Georgia: Newly Trained Village Doctors are Medical ‘Jack-of-All-Trades’

September 10, 2009

  • Georgia aims to improve the quality, usage and coverage of its health care
  • The government is giving specialized training to hundreds of primary care doctors and nurses
  • The Bank has supported the rehabilitation, construction and equipping of Primary Health Care facilities

September 10, 2009 — The only physician in her village of Tsoniarisi, Mzevinar Bolkvadze sees patients all day in a newly built and equipped ambulatory. The village is in a high mountainous area that is cut off from the rest of the country for 6 months a year because of the adverse weather conditions. In the evening, she makes house calls—on foot despite a bad leg, clocking over ten kilometers up and down mountains.

Doctor to 1,600 people, she needs a smattering of training in geriatrics, pediatrics and much more. She just completed a course in emergency medicine. She hates to be away from her patients—who are free to call her day and night, and says retraining has made her feel like a new doctor.

" I did the emergency training a week and a half ago, and I have already had a case where I badly needed it. It's very important for us to have training. Even if it were every month, I would move heaven and earth to get there. "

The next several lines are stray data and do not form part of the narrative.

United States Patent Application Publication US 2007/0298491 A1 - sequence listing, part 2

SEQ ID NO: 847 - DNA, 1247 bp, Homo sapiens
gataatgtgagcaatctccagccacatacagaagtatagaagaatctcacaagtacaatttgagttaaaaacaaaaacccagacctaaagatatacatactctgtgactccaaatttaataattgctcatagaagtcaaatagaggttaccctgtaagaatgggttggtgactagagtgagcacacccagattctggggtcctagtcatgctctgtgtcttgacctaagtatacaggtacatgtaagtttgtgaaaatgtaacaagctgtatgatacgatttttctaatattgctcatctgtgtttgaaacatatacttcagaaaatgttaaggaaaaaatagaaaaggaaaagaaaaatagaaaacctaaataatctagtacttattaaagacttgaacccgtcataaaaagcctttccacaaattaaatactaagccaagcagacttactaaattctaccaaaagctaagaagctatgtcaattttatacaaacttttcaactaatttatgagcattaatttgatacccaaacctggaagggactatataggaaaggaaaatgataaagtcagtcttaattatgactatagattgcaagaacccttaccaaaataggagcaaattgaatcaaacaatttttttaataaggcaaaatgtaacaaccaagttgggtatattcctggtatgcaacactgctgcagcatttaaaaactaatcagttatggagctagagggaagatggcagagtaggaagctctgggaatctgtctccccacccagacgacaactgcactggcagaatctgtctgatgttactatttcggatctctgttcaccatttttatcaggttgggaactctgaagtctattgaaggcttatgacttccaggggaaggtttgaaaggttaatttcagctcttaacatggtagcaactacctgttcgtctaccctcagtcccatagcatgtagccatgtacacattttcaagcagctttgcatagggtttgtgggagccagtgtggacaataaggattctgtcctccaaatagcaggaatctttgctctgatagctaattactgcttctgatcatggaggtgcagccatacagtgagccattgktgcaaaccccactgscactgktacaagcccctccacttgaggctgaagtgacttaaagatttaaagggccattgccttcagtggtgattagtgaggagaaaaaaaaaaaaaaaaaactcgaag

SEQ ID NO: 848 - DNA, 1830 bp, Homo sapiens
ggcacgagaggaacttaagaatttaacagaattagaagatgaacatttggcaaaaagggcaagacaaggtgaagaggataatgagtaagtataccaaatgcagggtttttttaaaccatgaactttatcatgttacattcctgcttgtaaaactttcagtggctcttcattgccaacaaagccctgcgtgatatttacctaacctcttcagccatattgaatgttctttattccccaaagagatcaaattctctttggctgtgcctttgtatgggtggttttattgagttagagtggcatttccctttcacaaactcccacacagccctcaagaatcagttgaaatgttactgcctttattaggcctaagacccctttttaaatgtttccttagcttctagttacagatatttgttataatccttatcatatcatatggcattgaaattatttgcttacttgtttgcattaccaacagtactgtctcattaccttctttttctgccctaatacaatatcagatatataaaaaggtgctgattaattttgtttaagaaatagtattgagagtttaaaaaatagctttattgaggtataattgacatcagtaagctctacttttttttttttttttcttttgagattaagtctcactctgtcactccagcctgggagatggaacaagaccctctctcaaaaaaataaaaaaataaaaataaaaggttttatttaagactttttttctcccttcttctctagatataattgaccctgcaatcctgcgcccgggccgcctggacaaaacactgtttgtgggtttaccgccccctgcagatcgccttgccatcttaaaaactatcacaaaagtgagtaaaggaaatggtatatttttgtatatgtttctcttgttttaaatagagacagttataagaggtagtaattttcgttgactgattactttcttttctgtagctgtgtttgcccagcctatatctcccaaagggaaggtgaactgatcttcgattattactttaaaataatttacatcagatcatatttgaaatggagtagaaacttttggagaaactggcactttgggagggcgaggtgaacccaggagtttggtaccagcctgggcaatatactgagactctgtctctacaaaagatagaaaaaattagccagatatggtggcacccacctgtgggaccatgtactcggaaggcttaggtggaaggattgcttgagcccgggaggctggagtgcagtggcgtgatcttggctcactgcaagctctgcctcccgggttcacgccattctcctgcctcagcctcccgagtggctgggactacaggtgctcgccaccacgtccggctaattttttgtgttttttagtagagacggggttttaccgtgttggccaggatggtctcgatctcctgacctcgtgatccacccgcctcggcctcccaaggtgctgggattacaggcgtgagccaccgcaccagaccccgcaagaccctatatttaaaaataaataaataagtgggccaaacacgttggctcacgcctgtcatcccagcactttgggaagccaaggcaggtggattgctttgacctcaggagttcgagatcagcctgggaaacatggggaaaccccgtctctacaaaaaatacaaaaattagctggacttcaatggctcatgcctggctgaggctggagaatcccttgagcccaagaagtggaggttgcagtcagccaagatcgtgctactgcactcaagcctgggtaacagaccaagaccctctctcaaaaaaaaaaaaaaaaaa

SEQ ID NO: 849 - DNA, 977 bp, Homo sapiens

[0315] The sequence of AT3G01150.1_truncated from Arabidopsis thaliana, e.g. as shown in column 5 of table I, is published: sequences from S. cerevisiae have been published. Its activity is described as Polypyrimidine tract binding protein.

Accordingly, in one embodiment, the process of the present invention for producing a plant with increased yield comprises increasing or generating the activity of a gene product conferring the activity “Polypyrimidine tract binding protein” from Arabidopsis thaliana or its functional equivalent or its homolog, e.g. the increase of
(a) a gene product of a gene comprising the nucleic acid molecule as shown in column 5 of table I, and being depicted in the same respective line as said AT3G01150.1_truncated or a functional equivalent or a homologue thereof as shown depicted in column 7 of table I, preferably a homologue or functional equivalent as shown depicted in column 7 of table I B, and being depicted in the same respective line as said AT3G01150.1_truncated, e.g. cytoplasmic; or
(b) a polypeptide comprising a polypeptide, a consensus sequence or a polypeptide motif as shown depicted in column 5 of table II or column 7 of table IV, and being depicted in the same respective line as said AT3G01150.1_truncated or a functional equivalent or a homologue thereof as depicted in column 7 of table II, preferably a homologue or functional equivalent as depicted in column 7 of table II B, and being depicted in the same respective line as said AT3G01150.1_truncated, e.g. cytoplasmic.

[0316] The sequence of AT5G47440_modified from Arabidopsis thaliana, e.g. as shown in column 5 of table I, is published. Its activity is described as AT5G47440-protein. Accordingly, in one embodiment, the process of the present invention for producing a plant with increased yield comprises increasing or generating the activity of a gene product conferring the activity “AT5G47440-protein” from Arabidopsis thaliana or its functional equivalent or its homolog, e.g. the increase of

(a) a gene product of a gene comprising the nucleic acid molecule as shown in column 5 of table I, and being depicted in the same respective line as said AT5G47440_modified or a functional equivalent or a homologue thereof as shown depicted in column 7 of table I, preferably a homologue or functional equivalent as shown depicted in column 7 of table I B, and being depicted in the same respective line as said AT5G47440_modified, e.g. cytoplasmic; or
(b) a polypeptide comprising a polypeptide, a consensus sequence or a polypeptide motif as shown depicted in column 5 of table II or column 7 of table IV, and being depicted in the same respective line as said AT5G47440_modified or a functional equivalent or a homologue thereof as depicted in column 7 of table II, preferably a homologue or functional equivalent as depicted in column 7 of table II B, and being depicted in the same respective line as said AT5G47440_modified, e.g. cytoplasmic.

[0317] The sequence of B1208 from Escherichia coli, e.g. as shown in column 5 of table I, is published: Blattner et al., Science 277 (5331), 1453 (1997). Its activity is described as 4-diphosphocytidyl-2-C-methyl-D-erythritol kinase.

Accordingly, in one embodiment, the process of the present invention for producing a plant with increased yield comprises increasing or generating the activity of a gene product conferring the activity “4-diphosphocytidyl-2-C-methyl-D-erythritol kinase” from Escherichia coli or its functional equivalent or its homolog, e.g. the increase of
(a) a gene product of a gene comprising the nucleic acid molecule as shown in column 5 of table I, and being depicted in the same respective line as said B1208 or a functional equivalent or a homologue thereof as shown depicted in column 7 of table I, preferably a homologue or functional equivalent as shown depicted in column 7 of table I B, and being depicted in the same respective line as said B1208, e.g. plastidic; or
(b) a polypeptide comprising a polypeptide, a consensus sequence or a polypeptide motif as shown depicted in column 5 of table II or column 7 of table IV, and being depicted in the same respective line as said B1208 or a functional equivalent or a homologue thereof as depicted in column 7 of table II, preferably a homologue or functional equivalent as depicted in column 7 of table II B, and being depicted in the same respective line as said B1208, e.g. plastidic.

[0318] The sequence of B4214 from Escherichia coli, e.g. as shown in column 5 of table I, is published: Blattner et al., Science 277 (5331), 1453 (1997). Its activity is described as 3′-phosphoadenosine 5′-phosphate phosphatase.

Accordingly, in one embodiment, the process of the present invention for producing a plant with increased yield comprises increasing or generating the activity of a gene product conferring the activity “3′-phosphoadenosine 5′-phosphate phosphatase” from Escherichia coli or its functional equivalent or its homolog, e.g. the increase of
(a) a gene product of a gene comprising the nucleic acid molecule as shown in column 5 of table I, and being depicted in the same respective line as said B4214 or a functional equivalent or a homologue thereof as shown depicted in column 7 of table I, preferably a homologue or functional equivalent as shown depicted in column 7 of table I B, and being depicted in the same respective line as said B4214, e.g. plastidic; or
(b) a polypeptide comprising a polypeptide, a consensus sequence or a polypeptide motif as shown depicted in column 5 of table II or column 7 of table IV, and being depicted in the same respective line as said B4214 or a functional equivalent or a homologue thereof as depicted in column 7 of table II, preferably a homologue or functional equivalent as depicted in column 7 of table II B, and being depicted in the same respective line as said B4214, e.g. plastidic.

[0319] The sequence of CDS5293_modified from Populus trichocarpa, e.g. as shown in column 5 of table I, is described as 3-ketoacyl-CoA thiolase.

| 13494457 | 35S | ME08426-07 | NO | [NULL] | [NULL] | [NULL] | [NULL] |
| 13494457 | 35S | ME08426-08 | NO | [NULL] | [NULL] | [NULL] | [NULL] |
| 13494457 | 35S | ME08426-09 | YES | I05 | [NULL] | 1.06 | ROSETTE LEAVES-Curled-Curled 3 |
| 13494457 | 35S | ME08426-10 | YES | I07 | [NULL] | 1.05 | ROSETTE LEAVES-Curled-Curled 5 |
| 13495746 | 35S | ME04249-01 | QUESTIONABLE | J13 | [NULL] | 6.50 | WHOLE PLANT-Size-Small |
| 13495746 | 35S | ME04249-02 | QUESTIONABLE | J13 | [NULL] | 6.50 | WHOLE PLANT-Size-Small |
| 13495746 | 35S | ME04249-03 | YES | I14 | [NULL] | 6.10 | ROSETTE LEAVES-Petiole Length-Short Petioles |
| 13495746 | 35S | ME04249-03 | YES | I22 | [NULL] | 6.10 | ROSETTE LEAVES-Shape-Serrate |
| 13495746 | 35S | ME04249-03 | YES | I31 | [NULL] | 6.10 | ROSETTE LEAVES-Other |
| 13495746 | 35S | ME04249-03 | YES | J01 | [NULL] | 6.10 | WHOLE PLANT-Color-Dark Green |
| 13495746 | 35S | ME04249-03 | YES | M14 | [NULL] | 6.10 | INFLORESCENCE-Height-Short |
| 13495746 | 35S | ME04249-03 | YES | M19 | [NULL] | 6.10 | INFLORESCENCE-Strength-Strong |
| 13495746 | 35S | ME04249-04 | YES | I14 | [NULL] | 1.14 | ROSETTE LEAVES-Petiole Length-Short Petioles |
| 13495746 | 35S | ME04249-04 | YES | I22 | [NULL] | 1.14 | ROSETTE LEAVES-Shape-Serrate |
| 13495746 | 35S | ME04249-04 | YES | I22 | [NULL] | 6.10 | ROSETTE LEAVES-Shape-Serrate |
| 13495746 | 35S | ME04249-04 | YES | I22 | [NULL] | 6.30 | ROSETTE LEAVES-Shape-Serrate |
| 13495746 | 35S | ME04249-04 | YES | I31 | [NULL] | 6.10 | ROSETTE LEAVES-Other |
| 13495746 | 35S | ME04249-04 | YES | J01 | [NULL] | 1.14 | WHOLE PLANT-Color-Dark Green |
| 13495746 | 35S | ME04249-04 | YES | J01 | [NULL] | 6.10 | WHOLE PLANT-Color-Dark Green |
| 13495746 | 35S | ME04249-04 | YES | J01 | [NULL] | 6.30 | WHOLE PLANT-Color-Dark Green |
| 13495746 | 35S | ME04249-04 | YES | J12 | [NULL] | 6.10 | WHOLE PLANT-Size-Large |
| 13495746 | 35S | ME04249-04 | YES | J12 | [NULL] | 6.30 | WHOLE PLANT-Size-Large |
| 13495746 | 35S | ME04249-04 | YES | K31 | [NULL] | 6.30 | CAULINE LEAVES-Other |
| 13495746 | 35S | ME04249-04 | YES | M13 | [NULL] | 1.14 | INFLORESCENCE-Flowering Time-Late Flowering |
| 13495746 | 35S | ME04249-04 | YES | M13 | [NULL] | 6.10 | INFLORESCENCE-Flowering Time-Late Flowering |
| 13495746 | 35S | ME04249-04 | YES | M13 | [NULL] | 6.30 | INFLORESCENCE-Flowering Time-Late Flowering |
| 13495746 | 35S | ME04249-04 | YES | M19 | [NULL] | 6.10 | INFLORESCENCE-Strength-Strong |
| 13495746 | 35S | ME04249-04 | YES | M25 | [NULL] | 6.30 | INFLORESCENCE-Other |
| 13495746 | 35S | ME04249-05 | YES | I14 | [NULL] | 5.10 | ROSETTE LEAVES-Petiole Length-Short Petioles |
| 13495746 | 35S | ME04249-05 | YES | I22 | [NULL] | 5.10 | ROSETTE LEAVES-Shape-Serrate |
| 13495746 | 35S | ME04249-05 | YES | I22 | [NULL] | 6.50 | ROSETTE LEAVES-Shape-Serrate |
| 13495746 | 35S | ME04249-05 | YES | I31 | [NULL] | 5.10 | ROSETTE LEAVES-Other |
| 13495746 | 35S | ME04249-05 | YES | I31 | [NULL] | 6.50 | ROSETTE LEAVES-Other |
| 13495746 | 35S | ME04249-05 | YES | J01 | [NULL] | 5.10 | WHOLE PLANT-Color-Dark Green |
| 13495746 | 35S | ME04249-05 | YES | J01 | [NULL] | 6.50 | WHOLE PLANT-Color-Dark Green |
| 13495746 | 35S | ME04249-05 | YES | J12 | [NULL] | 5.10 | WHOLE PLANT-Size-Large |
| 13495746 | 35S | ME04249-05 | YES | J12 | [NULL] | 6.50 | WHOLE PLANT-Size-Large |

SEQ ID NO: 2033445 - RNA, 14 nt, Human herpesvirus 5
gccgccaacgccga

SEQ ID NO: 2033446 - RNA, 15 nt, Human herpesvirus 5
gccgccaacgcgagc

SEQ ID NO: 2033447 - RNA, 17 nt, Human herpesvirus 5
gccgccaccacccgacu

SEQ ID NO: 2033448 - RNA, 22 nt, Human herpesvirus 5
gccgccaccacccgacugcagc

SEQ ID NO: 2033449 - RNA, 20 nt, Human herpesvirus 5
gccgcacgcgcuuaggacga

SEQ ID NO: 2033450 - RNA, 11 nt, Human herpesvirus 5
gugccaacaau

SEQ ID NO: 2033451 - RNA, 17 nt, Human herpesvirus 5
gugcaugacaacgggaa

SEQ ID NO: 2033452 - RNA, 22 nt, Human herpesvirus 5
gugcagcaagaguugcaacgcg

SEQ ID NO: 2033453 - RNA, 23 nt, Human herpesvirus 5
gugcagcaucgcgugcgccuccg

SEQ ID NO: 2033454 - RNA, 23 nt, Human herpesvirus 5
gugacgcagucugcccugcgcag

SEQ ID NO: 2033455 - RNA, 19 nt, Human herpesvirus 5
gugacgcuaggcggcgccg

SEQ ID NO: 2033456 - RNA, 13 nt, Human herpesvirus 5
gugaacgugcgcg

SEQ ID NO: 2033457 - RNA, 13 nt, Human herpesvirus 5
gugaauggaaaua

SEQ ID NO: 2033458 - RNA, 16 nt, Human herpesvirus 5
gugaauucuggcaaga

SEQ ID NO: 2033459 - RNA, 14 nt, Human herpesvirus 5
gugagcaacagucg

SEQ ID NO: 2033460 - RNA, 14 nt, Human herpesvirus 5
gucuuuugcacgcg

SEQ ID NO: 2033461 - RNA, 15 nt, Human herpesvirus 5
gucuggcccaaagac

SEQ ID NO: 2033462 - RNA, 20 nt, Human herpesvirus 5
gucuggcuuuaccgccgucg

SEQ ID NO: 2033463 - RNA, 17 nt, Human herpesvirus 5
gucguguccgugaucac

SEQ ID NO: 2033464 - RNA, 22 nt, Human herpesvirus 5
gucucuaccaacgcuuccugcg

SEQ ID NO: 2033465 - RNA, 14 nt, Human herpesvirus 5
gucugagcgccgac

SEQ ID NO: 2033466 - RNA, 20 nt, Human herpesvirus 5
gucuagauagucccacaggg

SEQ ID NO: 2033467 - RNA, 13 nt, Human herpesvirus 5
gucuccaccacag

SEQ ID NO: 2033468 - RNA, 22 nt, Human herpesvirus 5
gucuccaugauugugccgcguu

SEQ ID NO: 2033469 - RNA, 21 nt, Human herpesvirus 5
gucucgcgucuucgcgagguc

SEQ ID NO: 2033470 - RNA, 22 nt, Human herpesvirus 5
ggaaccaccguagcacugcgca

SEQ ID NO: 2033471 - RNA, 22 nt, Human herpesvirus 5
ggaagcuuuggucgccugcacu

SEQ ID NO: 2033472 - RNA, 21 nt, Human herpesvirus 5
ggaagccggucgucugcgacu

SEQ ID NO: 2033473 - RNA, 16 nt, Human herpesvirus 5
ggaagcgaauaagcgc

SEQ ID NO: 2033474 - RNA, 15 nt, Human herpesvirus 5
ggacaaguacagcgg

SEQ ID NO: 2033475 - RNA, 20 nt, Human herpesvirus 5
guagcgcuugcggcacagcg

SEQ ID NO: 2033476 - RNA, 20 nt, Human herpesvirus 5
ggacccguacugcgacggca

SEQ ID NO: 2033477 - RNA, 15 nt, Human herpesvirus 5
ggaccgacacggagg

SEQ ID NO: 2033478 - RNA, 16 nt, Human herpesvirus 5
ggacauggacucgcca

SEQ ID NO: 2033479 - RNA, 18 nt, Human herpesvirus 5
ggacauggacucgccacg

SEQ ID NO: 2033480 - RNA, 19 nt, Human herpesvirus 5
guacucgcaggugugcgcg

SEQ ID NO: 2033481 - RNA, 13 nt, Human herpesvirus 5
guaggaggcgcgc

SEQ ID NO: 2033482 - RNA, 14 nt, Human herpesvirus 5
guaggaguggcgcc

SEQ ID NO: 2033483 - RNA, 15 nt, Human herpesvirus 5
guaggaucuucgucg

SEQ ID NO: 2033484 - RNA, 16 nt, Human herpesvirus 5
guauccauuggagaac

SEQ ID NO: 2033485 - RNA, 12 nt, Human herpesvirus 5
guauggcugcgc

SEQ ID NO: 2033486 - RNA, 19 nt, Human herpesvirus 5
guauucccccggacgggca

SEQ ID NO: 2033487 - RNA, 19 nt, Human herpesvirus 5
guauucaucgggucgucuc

Dr. Bolkvadze

Primary Care Physician

Georgia aims to improve the quality and coverage of its health care, as well as its usage. As part of an ambitious reform program, the government—with help from international donors, including the World Bank—is giving specialized training to hundreds of primary care doctors and nurses. Apart from the training the Bank has also supported the rehabilitation and construction of Primary Health Care facilities, and has helped to equip them. Adjara autonomous republic was the first pilot region where the new facilities were introduced. This Bank supported project covered almost the whole region with newly refurbished or, in some instances, newly constructed and equipped facilities, as well as trained medical personnel.

The emergency medicine course taught at Batumi Family Medicine Training Center in western Georgia is part of an overhaul of primary care that includes intensive retraining of physicians and nurses. Courses of all kinds have been designed. Nurses are learning hands on how to care for patients at home and training centers outside the capital make it easier for doctors in remote or rural areas to attend.

“They are very interested to improve their skills, knowledge and attitudes,” said Dr. Tamar Mkhatvari, Family Medicine Expert of the Ministry of Labor, Health and Social Affairs of Adjara Autonomous Region. “ Better doctors and nurses with new equipment will provide better health care to patients.”

Three doctors at one clinic in Adjara that once had no running water but was renovated through the program are taking the emergency training in stages. Dr. Leila Jikhashvili took it first. “Mainly I learned better skills and up to date information, and lots of novelties,” said Dr. Jikhashvili. Her colleague, a more recent graduate, hopes retraining will make her more independent.